Rob Reviews "Steel Magnolias"
I was sixteen years old when “Steel Magnolias” went from an off-Broadway play to the big screen and worked at the local movie theater in my city where it played. This was really the first exposure I had to the power of the “chick flick,” which was chock full of celebrity names and did a TON of business. It would be a few years before I would actually see it because of the stigma that came with it, and I can actually say that I enjoyed it as much as a early twenties kind of guy could have enjoyed the story of six women in mid-80s Chinquapin Parish, Louisiana whose lives intertwine through a hair salon. As a man of a certain age now, I got to check it out as a stage production at the beautiful Wyly Theater Center where it is playing through October 21st.
Mirroring the stage production (as it should), this entire cast is only the six women and takes place all within the Truvy Jones’ (Liz Mikel) beauty shop. There is no transitions of set pieces (and very few transitions at all), so the reliance on the cast to carry everything is on a higher level, and all six of these ladies are more than up to the task. From the mother/daughter dynamic of Tiana Kay Blair and Christie Vela as Shelby Eatenton-Latchierie and M’Lynn Eatenton respectively to the “grumpy old ladies” of Ouizer Boudreaux and Clairee Belcher played by Sally Nyusten Vahel (the Scrooge from the Wyly’s “A Christmas Carol” two years ago) and Nance Williamson to the newbie in Ana Hagedorn’s Annelle Dupuy-Desoto and all of the combinations therein, this cast delivers in a way that would make the actresses that made the roles famous before them stand up and take notice. There are some nice nods to those performances that made the audience cheer in more than one moment, but not in a way that took us out of those moments.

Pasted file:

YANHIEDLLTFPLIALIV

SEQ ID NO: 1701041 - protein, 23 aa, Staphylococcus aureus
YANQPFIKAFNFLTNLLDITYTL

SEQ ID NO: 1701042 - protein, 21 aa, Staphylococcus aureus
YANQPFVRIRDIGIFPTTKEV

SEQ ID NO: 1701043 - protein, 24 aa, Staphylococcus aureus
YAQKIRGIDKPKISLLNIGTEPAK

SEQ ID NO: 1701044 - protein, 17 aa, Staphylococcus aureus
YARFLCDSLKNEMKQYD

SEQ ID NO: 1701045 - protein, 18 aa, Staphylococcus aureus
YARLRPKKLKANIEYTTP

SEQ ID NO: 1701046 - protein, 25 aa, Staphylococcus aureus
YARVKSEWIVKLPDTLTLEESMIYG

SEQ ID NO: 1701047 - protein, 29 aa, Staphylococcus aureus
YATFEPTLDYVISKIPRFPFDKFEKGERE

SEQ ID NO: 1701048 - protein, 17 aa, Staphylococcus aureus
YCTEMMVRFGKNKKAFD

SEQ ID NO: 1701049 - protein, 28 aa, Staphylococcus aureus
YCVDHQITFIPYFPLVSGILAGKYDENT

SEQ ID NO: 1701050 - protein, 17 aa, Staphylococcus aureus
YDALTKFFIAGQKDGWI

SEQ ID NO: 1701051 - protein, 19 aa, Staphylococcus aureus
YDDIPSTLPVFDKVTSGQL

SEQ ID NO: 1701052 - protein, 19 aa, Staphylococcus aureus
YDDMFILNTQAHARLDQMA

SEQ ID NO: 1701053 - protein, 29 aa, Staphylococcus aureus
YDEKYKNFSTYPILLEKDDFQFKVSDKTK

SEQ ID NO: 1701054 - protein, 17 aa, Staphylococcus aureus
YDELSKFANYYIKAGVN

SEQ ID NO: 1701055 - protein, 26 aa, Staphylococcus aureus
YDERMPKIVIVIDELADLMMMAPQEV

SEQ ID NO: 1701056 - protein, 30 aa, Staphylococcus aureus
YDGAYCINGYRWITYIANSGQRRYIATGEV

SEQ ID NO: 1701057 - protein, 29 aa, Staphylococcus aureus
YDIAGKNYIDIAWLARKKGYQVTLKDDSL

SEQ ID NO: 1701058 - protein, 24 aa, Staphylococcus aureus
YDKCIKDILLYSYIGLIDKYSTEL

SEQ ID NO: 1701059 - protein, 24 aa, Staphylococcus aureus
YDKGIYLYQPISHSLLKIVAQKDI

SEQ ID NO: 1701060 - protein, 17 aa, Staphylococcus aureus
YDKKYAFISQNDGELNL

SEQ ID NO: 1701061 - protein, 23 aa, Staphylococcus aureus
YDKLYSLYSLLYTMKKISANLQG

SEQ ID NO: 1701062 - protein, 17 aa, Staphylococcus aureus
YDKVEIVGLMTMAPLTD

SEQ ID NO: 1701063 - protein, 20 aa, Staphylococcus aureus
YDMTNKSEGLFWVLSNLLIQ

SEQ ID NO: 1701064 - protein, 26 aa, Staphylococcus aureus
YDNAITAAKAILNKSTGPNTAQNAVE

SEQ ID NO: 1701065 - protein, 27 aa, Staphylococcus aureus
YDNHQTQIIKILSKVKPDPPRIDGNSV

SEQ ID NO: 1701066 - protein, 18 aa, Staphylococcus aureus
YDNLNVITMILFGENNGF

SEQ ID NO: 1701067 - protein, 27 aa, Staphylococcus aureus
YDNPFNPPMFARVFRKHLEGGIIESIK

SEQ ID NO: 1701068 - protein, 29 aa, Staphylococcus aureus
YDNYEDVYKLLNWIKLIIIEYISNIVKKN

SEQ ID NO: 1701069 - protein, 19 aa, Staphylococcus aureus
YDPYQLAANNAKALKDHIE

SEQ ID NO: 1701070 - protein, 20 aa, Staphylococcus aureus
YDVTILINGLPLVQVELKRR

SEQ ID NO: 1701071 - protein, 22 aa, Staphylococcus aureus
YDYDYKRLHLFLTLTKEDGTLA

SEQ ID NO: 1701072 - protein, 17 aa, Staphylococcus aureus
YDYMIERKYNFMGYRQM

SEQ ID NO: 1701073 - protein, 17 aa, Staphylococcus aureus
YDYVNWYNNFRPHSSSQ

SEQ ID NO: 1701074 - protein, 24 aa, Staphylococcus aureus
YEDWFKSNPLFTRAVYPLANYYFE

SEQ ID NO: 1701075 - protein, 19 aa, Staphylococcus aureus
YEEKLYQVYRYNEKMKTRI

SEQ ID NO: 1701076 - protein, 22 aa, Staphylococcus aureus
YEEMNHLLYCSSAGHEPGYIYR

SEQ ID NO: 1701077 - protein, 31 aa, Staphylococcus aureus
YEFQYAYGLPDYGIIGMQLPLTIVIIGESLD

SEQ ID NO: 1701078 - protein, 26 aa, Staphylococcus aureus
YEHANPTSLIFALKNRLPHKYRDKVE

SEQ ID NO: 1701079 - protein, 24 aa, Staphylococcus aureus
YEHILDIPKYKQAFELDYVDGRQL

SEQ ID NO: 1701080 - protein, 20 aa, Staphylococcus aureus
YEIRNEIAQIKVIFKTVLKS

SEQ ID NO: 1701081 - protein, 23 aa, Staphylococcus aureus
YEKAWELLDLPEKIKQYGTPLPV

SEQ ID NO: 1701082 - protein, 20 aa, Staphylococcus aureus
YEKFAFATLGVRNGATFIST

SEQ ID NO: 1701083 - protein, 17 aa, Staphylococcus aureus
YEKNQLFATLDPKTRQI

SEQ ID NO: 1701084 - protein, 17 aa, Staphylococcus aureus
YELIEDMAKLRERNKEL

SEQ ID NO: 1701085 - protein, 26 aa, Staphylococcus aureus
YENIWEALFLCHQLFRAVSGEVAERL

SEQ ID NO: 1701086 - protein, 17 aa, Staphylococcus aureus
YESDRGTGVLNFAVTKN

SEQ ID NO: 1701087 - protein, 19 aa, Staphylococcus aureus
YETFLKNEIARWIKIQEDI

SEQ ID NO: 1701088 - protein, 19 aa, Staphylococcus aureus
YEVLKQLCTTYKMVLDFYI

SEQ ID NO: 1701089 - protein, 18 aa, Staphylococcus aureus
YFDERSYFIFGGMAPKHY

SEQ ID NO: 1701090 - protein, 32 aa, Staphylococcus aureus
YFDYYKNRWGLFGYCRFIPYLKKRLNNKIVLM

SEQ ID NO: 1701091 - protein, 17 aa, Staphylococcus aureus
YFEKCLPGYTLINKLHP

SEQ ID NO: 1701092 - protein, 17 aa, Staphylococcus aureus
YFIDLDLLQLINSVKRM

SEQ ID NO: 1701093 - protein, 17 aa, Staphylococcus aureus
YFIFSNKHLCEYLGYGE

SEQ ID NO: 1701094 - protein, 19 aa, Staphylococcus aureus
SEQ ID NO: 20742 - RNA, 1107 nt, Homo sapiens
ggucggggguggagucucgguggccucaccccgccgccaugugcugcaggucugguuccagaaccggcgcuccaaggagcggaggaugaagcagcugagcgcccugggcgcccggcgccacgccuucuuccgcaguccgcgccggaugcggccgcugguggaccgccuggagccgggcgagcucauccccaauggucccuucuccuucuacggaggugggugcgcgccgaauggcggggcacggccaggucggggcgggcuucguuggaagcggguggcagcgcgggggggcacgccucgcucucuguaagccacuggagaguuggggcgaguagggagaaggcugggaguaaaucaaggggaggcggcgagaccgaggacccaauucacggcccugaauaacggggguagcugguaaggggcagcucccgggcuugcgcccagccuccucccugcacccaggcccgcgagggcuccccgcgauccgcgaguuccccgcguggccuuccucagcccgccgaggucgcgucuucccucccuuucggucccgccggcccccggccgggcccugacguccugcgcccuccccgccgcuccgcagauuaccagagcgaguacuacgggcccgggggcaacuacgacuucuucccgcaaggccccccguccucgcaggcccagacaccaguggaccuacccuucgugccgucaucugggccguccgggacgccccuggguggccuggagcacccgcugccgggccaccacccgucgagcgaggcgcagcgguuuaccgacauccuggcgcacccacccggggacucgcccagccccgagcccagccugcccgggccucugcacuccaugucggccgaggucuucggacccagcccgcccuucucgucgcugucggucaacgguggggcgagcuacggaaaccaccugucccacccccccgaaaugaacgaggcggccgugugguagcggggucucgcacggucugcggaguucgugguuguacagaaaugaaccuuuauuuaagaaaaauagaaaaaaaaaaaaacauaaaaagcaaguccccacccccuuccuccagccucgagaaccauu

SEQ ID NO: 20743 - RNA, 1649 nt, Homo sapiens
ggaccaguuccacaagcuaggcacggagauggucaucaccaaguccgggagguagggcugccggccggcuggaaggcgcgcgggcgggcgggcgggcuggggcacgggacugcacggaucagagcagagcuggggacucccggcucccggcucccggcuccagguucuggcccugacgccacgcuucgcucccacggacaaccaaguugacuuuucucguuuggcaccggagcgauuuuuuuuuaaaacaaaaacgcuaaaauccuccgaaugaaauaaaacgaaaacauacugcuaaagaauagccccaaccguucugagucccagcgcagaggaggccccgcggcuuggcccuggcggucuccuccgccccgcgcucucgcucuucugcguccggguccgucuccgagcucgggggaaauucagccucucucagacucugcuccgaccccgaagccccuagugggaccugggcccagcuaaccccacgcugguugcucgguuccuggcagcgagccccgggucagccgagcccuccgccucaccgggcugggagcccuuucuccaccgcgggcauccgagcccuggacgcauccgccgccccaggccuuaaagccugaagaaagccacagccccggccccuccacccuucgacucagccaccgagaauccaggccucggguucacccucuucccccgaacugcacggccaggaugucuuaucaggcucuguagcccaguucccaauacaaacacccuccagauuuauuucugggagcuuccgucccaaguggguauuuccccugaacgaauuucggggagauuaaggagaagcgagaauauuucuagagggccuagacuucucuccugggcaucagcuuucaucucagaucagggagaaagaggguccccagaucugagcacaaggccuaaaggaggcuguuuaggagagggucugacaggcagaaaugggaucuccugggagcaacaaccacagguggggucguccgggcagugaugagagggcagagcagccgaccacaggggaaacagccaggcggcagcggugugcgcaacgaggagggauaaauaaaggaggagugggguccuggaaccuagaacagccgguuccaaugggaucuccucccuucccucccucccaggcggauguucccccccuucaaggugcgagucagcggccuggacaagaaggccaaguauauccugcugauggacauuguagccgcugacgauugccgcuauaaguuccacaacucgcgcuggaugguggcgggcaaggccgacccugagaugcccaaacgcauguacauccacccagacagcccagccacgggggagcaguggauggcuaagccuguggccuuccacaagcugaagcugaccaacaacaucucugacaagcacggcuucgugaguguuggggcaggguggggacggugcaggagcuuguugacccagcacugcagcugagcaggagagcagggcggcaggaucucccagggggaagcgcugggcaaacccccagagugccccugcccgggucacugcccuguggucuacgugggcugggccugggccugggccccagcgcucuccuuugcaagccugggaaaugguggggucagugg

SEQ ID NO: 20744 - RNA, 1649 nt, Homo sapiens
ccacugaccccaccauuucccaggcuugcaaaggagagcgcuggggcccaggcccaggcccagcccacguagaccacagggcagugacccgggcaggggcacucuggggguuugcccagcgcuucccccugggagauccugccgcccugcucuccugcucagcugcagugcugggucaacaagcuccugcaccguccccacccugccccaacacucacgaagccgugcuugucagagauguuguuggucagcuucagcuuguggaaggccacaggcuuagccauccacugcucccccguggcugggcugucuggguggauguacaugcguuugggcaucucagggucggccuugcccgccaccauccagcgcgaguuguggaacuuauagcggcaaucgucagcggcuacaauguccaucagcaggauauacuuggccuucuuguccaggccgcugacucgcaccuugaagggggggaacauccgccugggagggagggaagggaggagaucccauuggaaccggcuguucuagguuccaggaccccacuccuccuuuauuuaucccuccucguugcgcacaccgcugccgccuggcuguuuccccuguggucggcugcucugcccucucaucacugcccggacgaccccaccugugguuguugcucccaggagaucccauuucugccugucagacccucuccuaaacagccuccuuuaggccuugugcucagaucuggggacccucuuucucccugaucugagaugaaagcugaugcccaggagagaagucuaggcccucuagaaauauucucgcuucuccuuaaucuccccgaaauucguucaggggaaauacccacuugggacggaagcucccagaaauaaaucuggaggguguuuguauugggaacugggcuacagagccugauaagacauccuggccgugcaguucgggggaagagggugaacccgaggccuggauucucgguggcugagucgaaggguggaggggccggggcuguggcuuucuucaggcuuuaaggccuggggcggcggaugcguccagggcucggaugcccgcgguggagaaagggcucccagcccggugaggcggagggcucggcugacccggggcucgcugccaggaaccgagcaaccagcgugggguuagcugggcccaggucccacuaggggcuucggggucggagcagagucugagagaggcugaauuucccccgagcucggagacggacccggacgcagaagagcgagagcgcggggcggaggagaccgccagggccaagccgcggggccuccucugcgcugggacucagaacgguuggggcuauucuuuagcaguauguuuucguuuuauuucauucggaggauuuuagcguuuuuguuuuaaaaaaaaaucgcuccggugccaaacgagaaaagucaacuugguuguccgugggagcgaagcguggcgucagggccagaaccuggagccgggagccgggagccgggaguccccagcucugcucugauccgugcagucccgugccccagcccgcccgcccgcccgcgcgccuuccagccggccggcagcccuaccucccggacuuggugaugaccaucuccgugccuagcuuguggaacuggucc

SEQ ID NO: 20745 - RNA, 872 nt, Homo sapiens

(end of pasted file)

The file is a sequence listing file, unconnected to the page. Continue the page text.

And with a script that is THIS dialog heavy, it is pulled off in a way that gives the feeling more of voyeurism than of observation. There is a laser focus by this cast that makes it so organic that I was able to completely forget about the fourth wall and enjoy what was going on in front of me. The acts are split exactly down the middle at an hour a piece with a fifteen minute intermission, but it certainly did not feel like it. I enjoyed thoroughly and completely enjoyed this production and highly recommend it as a great night at the theater for any and every fan of not only the material but the genre and theater in general.